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As the frontman of You Am I, one of the essential Australian rock n’ roll bands, Tim Rogers has released 10 studio
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After over a decade of experience as guitarist to one of Australia's much-loved rock groups You Am I, Davey Lane is
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“I’ve been drinking coffee since I was eight years old”, says Lachlan Bryan.
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When Mike Carr accepted his award for the APRA Song of the Year in January 2006,it was the beginning of wonderful r
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Kate Jacobson and Benjamin Dougherty (Texas Tea)
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Daz Gray
 
Darryl Gray has been writing songs ever since he was forced to learn guitar at schoo
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Jaime’s  approach    to    music    making    is    always    changing.    More    of    an    ideas    man    than  

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The latest offering from Toronto-based singer-songwriter Matthew Barber is a self-titled and self-produced collection

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Richard was previously the singer and songwriter for the Sydney indie band Cuthbert and the Night Walkers.

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In a cramped studio deep in Bushwick, New York City, You Am I hunkered down to make a start on their tenth studio alb

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Ruby Boots (Bex Chilcott) lives and breathes her music.

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Authenticity is the element that defines the darkly beautiful and wrenching debut record of William Crighton.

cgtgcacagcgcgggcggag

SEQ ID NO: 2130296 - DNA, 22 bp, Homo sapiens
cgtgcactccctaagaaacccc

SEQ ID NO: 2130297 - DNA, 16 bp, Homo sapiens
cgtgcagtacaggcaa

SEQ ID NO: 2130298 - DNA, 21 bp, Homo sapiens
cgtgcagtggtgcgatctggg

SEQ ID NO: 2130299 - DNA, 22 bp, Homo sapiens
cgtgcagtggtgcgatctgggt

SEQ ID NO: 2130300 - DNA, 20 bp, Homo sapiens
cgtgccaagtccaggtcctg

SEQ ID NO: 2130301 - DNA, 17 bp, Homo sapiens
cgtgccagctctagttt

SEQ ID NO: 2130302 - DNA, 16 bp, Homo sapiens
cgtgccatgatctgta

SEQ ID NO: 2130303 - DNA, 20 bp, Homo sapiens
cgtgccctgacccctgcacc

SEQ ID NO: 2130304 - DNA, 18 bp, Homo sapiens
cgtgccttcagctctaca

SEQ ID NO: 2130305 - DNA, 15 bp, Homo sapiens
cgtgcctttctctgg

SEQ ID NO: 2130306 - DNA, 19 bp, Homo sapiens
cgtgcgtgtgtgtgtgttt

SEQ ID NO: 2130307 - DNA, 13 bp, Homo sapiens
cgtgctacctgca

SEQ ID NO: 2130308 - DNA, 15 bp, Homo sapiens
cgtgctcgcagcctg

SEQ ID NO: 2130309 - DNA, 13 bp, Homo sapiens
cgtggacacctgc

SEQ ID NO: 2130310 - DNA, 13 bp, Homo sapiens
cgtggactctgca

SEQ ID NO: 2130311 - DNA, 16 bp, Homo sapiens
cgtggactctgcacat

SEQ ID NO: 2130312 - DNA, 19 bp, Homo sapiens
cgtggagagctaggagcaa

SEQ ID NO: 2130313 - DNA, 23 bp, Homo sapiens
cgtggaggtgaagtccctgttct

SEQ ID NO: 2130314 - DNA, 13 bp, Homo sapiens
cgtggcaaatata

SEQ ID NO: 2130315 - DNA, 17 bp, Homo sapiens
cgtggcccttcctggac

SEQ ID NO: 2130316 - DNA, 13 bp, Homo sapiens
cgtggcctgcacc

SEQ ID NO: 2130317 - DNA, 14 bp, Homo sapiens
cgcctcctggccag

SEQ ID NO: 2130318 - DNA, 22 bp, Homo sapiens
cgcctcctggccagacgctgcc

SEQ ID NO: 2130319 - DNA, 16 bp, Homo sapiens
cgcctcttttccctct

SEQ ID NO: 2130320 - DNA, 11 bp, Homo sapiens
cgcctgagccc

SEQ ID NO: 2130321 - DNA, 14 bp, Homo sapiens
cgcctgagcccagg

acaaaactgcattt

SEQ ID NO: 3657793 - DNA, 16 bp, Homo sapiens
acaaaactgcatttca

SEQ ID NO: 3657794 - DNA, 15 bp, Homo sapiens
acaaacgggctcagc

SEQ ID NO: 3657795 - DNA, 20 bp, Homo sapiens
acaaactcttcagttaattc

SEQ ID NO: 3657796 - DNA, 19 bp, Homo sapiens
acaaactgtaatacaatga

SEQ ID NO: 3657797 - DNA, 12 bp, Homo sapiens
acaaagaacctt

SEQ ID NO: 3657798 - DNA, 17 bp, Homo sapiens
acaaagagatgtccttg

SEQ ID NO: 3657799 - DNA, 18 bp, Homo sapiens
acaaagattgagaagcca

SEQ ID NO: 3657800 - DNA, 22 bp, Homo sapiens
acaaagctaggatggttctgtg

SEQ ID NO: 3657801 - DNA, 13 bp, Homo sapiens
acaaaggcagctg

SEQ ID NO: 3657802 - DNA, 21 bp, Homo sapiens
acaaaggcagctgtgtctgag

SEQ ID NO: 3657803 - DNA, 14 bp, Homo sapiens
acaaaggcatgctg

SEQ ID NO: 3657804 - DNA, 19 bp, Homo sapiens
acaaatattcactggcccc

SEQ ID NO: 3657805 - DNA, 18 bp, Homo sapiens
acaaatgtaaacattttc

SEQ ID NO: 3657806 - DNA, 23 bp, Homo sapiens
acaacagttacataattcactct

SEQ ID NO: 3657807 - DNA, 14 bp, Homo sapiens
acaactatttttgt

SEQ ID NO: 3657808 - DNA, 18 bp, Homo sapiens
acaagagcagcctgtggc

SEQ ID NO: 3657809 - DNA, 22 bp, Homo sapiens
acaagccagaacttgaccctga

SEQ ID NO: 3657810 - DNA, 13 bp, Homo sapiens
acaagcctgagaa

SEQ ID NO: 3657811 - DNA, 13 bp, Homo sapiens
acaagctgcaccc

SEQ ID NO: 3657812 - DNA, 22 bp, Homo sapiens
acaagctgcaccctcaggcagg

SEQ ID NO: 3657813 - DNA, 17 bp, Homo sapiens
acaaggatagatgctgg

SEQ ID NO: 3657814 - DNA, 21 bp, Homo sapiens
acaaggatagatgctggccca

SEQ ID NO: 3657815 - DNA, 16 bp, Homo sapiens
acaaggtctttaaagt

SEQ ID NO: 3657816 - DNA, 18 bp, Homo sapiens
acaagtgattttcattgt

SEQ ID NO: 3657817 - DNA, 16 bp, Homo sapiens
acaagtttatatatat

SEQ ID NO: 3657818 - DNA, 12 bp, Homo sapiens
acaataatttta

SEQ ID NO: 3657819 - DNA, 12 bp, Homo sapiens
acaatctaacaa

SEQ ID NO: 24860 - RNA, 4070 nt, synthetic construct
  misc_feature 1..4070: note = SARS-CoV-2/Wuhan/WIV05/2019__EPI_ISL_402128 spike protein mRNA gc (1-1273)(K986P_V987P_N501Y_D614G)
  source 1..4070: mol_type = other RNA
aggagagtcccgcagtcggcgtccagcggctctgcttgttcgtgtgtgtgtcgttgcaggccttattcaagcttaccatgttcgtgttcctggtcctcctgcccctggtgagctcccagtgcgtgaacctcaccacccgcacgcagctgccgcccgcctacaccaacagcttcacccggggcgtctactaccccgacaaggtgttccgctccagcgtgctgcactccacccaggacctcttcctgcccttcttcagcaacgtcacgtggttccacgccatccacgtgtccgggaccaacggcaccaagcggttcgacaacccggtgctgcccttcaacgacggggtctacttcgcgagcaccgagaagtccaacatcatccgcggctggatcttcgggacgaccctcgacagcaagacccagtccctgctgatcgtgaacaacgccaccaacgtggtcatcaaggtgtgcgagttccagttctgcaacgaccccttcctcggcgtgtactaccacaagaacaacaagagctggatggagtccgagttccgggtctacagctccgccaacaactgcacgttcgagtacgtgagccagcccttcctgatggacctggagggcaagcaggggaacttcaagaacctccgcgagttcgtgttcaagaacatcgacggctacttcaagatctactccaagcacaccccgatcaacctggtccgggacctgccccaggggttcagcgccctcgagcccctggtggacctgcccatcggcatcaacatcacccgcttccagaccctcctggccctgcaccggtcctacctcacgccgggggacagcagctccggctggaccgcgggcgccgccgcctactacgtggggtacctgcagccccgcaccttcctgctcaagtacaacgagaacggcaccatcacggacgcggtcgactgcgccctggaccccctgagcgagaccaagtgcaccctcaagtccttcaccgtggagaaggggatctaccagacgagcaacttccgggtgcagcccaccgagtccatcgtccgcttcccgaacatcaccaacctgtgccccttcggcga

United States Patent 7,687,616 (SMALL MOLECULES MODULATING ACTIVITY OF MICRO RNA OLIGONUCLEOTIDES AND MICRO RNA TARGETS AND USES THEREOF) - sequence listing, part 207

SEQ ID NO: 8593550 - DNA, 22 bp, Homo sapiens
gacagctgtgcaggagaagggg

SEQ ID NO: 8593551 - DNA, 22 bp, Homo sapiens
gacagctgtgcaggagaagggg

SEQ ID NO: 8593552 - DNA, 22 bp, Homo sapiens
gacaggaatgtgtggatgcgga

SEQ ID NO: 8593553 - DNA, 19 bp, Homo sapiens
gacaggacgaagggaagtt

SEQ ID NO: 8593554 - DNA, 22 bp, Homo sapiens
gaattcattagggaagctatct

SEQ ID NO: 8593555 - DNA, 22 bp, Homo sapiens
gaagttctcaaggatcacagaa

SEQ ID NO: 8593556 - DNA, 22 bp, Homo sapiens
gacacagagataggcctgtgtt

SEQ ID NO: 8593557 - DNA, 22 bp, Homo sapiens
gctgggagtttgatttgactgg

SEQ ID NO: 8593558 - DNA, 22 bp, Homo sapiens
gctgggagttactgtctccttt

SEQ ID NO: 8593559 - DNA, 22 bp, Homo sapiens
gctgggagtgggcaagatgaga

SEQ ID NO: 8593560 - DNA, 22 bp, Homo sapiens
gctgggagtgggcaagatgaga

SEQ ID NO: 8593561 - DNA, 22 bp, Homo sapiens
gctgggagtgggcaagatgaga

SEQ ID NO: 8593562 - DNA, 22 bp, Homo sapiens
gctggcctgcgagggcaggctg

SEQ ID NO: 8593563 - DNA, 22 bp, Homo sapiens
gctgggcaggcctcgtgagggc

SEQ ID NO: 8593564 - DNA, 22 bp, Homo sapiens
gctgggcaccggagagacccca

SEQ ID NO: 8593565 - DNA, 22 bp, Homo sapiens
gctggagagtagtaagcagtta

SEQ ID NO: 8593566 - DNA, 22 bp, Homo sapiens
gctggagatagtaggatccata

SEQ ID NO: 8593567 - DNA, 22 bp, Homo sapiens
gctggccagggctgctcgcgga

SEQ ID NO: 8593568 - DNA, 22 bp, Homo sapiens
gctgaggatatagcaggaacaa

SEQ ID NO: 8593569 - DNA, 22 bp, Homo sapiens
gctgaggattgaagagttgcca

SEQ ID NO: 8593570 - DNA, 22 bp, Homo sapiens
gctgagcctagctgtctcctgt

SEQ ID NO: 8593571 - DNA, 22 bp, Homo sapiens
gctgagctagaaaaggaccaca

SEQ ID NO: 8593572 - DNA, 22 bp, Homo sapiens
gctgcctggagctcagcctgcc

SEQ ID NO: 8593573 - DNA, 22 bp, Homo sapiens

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With a career spanning just 9 years, 8 releases under his belt, named in Melbourne Magazine’s 100 most influential people, and nominated for Melbourne International Comedy Festival’s ‘Barry Award’, Jordie Lane is widely regarded as one of Australia’s finest singer-songwriters. 

With a career spanning just 9 years, 8 releases under his

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Singer/songwriter Taasha Coates is better known as the voice of multi ARIA Award winning folk-rock darlings The Audreys.However with The Audreys currently on temporary hiatus, Taasha has released her very first solo album titled – Taasha Coates & Her Melancholy SweetheartsRecorded with fellow singer-songwriter and producer Shane Nicholson, the well loved front woman has found a new voice through her solo material. More personal and direct and flirting more obviously with alt-country, the songs swing between the saucy and the sad, all the while held down by that truly terrific voice.

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Raised in Tamworth, imbued from a young age with country music, before moving off to Sydney and immersing himself in the city’s gritty punk scene, McHugh now calls Brisbane home, he and his family ensconced within the hot damp that defines the Queensland capital, home to a slew of primal, passionate music over the years.Adding to this cannon, in writing for his second record City Bound Trains, McHugh has come full circle and now calls country home once more. But it’s intelligent country, poignant and vivid. McHugh comes from the Paul Kelly school of song writing in that simplicity is key and everyday life makes the best stories.“I know there are many reasons why people listen to and enjoy music… but for me, the style of music that I wanted to make, honesty was paramount,” he explains. “It had to be about something that I knew about, or cared about.”It’s a simple thing, and yet in McHugh’s hands, it’s powerfully raw and real.These stories are then set to a musical score that both throbs with a visceral power, and gently pulsates with a calmness and tranquillity. From the almost anthemic nature of ‘Down To Sydney’, with its electric build, to the gentle rocking of ‘Rita’, McHugh pulls it all together with a quiet aplomb.City Bound Trains, which follows on from 2013’s Trials & Cape Tribulation and is produced by Brendan Gallagher (Karma County), is a neat and strong package that showcases this growing songwriter’s talent to a tee.Honesty at its core, everyday life its muse, Paddy McHugh is a master of it all.